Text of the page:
Jorinde Voigt is an artist who makes art with a perspective of literature, music and philosophy. In her art works, she’s dealing with existential and sensual questions. We asked Voigt some questions about the practice of the artist, the creation process and the relationship between music and herself…Photos: Nazlı Erdemirel, Amanda Holmes

– How did your educational background such as philosophy, music and literature affect your art? 

Not only in the mode of studying those subjects but also by experiencing them –in life, in art and through the very process of creation.

– You describe music as “a primal structure to understand the world”. What does that mean?

Everything we perceive in the world can be understood as music. Music is based on rhythm, a temporal structure. And we know this as well of day and night, heartbeat, breath, walking, daily recurring actions brushing teeth, lunch, meeting friends, getting kids to sleep, cultural actions, parties, business dinners, conferences, exhibitions, Christmas parties, public holidays, weekends. Above and in between all this stretches the arch of our feelings, our well being, health, fears and securities and everything we must do in order to get into balance. I compare this to the sound of an orchestra, the tonality as it is called in music. The chosen or experienced intensity of our being corresponds to a loud or silent, close or far in music. Vocals, melodies, texts are the specific forms of expression and means of communication that we choose. The world naturally has got its own sounds and forms but as in music, the orchestration is based on a primordial structure. This equivalence is because music is originally derived from life.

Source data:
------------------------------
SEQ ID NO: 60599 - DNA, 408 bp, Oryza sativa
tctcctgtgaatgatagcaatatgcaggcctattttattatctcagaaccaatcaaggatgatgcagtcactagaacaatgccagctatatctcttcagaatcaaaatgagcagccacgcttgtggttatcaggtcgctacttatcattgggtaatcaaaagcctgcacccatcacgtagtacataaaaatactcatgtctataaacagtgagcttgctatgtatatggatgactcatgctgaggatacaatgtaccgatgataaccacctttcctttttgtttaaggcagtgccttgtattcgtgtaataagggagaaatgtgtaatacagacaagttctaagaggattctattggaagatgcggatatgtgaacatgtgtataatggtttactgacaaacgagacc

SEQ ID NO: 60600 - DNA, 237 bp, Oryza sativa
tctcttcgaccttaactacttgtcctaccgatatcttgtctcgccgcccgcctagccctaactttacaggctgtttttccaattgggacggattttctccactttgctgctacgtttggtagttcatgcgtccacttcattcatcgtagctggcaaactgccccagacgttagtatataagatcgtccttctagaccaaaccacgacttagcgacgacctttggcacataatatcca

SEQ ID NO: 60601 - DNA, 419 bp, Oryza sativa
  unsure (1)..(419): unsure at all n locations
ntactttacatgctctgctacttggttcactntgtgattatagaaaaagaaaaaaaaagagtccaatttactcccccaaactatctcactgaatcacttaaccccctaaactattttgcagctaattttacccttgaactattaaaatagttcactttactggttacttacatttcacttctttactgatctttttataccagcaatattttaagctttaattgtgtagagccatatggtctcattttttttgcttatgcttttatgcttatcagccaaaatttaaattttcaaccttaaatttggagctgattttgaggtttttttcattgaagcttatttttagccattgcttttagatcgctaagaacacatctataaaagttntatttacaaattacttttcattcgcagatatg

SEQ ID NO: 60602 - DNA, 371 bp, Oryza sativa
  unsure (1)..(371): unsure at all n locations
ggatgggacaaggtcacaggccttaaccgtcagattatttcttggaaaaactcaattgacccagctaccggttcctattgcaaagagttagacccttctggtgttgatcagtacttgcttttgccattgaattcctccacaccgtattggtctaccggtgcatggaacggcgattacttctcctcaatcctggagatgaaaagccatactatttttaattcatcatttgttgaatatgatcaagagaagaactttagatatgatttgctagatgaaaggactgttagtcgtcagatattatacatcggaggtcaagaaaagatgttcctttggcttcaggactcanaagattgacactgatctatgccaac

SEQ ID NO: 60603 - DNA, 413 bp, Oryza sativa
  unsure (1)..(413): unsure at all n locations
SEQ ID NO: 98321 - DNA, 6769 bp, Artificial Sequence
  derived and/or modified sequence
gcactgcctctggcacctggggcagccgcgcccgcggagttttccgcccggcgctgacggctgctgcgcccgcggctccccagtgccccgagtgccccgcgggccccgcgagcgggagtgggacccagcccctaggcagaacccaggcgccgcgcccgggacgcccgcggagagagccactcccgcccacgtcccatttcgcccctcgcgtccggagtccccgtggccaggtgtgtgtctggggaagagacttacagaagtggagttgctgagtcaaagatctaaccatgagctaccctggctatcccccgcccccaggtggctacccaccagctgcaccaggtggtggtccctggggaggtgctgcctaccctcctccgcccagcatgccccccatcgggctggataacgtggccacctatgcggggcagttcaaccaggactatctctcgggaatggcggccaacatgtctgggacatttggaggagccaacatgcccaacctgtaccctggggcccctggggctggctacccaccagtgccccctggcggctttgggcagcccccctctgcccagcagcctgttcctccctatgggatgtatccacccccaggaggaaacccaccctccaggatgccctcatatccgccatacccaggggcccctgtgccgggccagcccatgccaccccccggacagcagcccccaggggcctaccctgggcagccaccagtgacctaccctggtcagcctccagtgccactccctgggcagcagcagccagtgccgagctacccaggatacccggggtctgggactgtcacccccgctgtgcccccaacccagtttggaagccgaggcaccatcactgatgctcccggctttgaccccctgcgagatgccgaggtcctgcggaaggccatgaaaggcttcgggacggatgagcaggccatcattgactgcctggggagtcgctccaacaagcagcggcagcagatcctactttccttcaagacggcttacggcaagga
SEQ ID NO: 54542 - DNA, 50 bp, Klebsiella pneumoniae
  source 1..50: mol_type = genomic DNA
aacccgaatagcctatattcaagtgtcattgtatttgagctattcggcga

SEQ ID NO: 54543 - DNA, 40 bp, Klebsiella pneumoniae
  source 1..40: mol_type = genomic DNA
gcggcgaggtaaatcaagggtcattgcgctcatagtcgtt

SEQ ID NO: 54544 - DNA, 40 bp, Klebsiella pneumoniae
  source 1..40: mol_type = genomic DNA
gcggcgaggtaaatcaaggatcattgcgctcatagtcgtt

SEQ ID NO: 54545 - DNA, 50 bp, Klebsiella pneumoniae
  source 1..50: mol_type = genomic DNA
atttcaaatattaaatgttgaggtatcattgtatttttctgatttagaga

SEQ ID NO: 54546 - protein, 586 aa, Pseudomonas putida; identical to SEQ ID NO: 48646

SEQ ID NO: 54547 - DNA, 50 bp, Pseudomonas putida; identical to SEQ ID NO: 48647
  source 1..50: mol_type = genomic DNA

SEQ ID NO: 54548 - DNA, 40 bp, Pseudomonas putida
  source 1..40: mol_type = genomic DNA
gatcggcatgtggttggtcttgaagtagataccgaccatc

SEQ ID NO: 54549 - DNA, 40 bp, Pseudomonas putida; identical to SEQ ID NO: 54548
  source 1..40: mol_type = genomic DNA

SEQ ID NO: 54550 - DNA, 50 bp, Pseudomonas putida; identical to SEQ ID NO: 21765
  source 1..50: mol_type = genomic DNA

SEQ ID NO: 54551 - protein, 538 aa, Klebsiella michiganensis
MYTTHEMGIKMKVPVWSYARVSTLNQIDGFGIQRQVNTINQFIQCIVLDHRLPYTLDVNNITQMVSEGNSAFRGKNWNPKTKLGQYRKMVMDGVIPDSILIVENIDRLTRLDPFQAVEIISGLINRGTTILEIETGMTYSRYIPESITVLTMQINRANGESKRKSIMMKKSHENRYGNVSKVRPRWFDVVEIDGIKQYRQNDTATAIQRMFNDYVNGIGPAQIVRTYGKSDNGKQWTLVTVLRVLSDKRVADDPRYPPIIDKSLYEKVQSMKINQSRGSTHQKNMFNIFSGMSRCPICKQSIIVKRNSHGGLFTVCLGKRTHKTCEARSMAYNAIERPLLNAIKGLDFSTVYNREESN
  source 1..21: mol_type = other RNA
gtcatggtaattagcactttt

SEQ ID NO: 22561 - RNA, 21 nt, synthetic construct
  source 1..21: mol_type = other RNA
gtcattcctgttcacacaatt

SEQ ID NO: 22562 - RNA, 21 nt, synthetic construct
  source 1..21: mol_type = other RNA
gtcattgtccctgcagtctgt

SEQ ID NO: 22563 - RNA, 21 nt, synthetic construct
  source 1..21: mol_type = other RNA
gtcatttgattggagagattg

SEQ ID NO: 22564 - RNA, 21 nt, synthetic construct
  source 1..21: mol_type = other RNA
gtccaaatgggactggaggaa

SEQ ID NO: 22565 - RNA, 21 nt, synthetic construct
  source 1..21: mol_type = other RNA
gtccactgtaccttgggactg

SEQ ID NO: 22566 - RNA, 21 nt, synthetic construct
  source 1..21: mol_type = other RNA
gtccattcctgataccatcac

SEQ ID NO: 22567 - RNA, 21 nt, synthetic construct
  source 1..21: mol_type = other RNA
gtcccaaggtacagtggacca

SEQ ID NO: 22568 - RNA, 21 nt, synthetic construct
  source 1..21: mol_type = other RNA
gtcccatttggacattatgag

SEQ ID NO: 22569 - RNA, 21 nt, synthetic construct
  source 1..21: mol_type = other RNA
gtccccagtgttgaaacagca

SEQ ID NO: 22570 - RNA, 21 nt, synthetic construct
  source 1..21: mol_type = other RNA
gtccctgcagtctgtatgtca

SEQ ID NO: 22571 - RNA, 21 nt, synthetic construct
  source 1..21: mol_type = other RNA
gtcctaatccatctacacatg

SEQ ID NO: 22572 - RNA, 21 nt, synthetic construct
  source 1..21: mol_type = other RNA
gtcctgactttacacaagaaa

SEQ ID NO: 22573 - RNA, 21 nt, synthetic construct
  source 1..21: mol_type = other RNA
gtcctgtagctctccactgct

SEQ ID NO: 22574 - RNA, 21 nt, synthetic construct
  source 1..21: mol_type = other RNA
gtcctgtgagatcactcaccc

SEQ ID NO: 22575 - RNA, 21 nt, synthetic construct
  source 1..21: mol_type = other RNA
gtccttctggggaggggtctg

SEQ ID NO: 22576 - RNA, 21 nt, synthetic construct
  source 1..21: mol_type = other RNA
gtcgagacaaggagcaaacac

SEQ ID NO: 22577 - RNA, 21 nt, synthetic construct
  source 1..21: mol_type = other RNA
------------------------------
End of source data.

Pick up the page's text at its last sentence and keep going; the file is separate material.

– How does your creative process start? In conjunction with this question, let me ask, what do you think is the importance of the production process in the creation of an artwork?

The process of creation is inseparably connected with the work, comparable to the sound of a piano and the music that is played.

– “The Sum of All Best Practices” and “Fugue” series of your work are examples for your ability to paint in the third dimension. Can you explain this type of work in which you include the leaves you found in Berlin?

Well, my intention was not to create three-dimensional paintings as I do not think and create in media-specific terms anyway. For The Sum of all best practices I collected autumn leaves on my way to work and, once in my studio I traced around each leaf in pencil on a sheet of paper and then cut out the shape with a scalpel. This part of the process includes the element of surgery, or analysis, with each cut-out being a unique documentation of a single leaf. In its uniqueness I understand each leaf (and any other unique manifestation) as a form of the present that speaks of its own past, its biography or evolution witnessing a successful strategy of survival, respectively prevail in critical situations. Every part, every leaf of every plant speaks of the sum of all these solutions – and every leaf, therefore, is the best shape it can be.

– What are your upcoming exhibitions? Are you working on new projects? Can you talk about your future projects?

Now I am developing a body of large-scale sculptural works for several occasions in the future, experimenting with steel and aluminium. It is a very exciting process of learning something new while linking it to my practice and thinking to date. Parallel, although synchronously with that process, I am digging deeper in the topic of ‘’Rhythm’’, respectively pushing on the possibilities this kind of work has to offer.

– What would you like to say about the relationship between your artwork and the Turkish audience? What is your interpretation?

Well, we would have to ask the audience how they relate to my works. When being in Istanbul I intuitively experience a very attentive, smart and educated audience that, at the same time was drawn to my works in a more sensual than cerebral, let alone highbrow way, compared to the German audience – whoever these collective descriptions comprise anyway. In Turkey, the viewers seem to indulge, to immerse themselves in the work, maybe in the sense I addressed immersion as a topic in many groups of works, by the way.